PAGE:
min | 2.2dB |

7.5 o'clock | 0.184dB |

9 o'clock | 0.067dB |

10.5 o'clock | 0.071dB |

12 o'clock | 0.023dB |

1.5 o'clock | 0.106dB |

3 o'clock | 0.388dB |

4.5 o'clock | 0.357dB |

max | 0.292dB |

**Primary measurements**

Our primary measurements revealed the following using the balanced line-level inputs (unless otherwise specified, assume a 1kHz sine wave, 2Vrms input and output into 200k-ohm load, 10Hz to 90kHz bandwidth):

Parameter | Left channel | Right channel |

Crosstalk, one channel driven (10kHz) | -46.5dB | -45.8dB |

DC offset | <-3.8mV | <14.7mV |

Gain (default) | 7.2dB | 6.9dB |

Gain (all controls to maximum) | 52.6dB | 52.6dB |

IMD ratio (CCIF, 18kHz + 19kHz stimulus tones, 1:1) | <-100dB | <-100dB |

IMD ratio (SMPTE, 60Hz + 7kHz stimulus tones, 4:1 ) | <-96dB | <-96dB |

Input impedance (balanced) | 59.2k ohms | 57.0k ohms |

Input impedance (unbalanced) | 52.7k ohms | 52.8k ohms |

Maximum output voltage (at clipping 1% THD+N) | 13.5Vrms | 13.5Vrms |

Maximum output voltage (at clipping 1% THD+N into 600 ohms) | 12.9Vrms | 12.9Vrms |

Noise level (with signal, A-weighted) | <65uVrms | <69uVrms |

Noise level (with signal, unweighted) | <47uVrms | <50uVrms |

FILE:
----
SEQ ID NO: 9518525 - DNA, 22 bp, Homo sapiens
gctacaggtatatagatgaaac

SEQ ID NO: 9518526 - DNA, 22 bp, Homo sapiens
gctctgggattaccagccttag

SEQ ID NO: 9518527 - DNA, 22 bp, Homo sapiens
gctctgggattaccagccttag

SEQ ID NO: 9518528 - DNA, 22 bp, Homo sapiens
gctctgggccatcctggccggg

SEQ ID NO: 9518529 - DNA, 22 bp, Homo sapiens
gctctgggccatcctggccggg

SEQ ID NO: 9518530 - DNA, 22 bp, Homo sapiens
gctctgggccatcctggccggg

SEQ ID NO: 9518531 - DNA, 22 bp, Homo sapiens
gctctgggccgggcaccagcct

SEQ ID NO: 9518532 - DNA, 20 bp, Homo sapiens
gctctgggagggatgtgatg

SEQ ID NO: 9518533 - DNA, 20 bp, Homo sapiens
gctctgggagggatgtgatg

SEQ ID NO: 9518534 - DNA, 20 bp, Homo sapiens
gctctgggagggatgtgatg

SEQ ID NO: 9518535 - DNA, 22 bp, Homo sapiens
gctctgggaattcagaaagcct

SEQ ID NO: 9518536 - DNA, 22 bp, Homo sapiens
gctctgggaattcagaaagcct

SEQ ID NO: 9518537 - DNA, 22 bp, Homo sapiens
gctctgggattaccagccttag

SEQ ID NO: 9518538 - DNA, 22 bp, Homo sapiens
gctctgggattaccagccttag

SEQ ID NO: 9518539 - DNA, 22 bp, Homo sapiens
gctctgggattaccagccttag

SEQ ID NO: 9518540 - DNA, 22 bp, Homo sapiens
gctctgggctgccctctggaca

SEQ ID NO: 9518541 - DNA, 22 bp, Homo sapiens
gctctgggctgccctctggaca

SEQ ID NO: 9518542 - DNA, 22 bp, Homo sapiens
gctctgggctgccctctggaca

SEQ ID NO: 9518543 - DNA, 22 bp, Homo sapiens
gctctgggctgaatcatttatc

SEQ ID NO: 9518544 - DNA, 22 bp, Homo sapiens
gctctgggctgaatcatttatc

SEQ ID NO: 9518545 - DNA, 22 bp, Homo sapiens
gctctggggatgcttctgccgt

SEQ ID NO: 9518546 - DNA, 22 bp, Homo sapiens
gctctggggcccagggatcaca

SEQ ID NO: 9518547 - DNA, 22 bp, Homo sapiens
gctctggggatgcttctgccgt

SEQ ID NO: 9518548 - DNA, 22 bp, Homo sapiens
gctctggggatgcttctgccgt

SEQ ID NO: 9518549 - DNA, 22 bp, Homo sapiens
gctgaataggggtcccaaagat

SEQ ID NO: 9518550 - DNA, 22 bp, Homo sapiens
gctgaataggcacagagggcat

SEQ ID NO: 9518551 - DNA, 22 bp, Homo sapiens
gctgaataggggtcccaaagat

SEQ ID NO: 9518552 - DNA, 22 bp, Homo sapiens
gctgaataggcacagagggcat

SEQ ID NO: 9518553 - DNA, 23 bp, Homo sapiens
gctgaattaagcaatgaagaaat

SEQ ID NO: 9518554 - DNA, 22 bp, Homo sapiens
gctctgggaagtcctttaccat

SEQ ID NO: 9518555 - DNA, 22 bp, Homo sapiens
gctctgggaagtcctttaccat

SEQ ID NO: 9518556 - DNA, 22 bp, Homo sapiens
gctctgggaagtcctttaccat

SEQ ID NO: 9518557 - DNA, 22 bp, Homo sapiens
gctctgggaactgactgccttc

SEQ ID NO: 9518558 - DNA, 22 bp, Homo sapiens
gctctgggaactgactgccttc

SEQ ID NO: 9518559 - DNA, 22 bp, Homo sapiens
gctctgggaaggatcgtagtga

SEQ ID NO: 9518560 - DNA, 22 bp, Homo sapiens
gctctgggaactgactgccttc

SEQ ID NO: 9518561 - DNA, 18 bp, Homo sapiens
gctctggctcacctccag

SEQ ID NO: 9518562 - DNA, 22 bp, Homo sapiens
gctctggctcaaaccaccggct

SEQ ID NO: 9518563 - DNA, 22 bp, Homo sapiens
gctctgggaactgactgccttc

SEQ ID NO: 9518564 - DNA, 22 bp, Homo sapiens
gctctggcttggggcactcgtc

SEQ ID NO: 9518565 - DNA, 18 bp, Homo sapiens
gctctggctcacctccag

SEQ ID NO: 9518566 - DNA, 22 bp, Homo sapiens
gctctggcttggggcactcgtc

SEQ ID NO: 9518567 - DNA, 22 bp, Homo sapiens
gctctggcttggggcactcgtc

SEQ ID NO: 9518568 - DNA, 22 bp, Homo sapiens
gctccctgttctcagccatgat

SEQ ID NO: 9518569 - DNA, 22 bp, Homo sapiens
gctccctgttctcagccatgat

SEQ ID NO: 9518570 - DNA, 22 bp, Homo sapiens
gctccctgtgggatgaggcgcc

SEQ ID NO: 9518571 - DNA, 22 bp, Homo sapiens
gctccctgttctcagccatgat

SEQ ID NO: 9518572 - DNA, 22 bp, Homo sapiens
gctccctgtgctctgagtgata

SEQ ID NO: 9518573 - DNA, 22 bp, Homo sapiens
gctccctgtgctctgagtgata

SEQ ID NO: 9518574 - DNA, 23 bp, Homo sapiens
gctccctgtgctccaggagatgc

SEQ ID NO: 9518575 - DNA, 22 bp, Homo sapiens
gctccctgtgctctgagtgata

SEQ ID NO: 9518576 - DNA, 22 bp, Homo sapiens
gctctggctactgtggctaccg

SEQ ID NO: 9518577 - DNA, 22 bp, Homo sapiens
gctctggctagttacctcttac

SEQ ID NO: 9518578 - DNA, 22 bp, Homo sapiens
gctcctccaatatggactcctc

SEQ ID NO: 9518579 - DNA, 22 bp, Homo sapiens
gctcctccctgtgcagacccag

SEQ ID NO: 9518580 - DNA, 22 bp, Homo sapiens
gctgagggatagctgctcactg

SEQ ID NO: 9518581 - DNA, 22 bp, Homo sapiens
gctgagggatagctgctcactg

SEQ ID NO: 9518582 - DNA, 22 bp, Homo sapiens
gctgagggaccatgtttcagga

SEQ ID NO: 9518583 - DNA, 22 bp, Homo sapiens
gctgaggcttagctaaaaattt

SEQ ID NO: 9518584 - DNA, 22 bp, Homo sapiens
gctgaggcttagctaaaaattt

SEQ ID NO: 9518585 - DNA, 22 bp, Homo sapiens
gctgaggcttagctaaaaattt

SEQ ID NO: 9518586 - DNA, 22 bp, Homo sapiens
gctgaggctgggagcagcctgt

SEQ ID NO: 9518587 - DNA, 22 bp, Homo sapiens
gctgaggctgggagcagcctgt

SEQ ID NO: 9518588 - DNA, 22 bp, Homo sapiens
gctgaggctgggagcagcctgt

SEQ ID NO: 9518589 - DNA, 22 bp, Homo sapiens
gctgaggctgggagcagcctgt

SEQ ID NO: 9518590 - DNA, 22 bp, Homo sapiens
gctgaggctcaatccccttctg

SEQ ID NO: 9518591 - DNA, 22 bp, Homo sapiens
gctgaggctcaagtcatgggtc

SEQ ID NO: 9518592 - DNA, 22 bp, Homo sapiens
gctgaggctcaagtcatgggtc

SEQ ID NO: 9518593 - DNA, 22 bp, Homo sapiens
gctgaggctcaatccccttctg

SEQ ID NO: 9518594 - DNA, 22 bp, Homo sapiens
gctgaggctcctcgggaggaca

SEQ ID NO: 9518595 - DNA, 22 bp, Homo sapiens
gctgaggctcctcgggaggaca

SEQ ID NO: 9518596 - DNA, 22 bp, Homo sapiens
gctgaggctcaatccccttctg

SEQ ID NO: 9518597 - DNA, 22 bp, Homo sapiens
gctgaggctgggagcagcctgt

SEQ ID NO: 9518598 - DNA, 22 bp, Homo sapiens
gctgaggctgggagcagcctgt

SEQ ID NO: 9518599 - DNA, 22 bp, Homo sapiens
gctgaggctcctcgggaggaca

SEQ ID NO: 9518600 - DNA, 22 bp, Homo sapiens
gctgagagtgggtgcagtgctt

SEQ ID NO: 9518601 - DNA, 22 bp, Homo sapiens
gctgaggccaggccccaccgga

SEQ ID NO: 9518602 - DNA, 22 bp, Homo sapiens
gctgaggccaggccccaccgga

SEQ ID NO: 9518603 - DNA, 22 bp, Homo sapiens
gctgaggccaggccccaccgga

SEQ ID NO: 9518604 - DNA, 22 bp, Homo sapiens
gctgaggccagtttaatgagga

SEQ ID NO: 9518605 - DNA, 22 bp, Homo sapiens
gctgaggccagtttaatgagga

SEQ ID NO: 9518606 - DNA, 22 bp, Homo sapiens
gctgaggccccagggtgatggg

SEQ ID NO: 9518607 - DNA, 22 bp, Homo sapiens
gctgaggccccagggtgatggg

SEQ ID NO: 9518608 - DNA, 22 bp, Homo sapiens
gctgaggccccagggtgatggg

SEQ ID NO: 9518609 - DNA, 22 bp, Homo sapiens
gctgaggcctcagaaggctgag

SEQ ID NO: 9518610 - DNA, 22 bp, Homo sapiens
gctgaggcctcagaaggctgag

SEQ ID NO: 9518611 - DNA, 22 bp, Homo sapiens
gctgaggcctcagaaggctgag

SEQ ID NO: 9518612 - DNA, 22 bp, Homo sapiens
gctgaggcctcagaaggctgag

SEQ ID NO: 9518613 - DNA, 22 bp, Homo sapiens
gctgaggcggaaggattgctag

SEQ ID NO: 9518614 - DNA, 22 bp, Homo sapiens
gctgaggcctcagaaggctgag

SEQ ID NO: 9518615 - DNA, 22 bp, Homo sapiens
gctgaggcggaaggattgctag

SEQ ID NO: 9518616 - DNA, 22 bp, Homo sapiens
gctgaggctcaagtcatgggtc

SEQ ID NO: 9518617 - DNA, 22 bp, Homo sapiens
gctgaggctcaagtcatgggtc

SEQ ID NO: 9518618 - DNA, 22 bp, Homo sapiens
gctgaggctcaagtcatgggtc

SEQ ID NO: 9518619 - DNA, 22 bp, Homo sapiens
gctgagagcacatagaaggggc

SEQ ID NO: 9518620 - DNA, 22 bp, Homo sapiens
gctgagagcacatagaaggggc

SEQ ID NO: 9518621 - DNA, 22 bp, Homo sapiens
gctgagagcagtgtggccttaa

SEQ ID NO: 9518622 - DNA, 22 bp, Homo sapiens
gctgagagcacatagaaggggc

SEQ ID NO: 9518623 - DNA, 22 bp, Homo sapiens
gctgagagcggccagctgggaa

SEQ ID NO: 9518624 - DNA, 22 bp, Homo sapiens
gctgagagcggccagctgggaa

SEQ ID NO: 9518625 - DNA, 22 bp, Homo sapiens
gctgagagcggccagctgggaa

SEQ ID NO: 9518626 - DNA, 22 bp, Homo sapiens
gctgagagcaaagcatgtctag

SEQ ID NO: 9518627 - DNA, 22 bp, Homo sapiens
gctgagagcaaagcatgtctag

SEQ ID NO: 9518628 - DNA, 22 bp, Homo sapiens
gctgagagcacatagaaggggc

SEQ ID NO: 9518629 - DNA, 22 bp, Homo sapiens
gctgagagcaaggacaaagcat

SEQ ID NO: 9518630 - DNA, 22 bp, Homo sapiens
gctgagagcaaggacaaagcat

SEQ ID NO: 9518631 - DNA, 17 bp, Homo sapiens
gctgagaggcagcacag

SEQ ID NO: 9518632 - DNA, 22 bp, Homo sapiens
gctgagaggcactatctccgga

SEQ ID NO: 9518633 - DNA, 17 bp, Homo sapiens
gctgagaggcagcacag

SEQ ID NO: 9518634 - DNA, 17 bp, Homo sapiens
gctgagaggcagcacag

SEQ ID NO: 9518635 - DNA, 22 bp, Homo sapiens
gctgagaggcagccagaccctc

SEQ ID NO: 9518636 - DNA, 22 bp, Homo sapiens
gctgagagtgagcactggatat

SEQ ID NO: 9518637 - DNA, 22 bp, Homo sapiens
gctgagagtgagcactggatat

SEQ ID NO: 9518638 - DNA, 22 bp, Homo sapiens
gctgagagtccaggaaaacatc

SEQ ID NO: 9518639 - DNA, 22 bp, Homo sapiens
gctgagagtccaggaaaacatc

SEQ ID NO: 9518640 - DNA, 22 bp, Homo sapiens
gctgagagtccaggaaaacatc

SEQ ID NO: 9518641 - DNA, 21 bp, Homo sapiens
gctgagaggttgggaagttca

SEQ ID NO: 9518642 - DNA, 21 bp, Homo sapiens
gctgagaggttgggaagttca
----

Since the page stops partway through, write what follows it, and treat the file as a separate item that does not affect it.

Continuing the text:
Noise level (no signal, volume min, A-weighted) | <14uVrms | <14uVrms |

Noise level (no signal, volume min, 20Hz to 20kHz) | <17uVrms | <17uVrms |

Output impedance (balanced) | 4.2 ohms | 4.1 ohms |

Output impedance (unbalanced) | 2.3 ohms | 2.35 ohms |

Signal-to-noise ratio (A-weighted) | 92.6dB | 92.6dB |

Signal-to-noise ratio (20Hz to 20kHz) | 90.4dB | 90.1dB |

Signal-to-noise ratio (max volume, 2Vrms out, A-weighted) | 87.5dB | 87.4dB |

THD (unweighted, balanced) | <0.0012% | <0.0012% |

THD (unweighted, unbalanced) | <0.0012% | <0.0012% |

THD+N (A-weighted) | <0.0027% | <0.0027% |

THD+N (unweighted) | <0.0034% | <0.0035% |

**Frequency response**

In our measured frequency response (relative to 1kHz) plot above, the C312 is essentially flat within the audioband (0dB at 20Hz, less than -0.1dB at 20kHz). The C312 appears to be AC-coupled, as it yielded about -0.2dB of deviation at 5Hz. In the graph above and most of the graphs below, only a single trace may be visible. This is because the left channel (blue or purple trace) is performing identically to the right channel (red or green trace) and so they perfectly overlap, indicating that the two channels are ideally matched.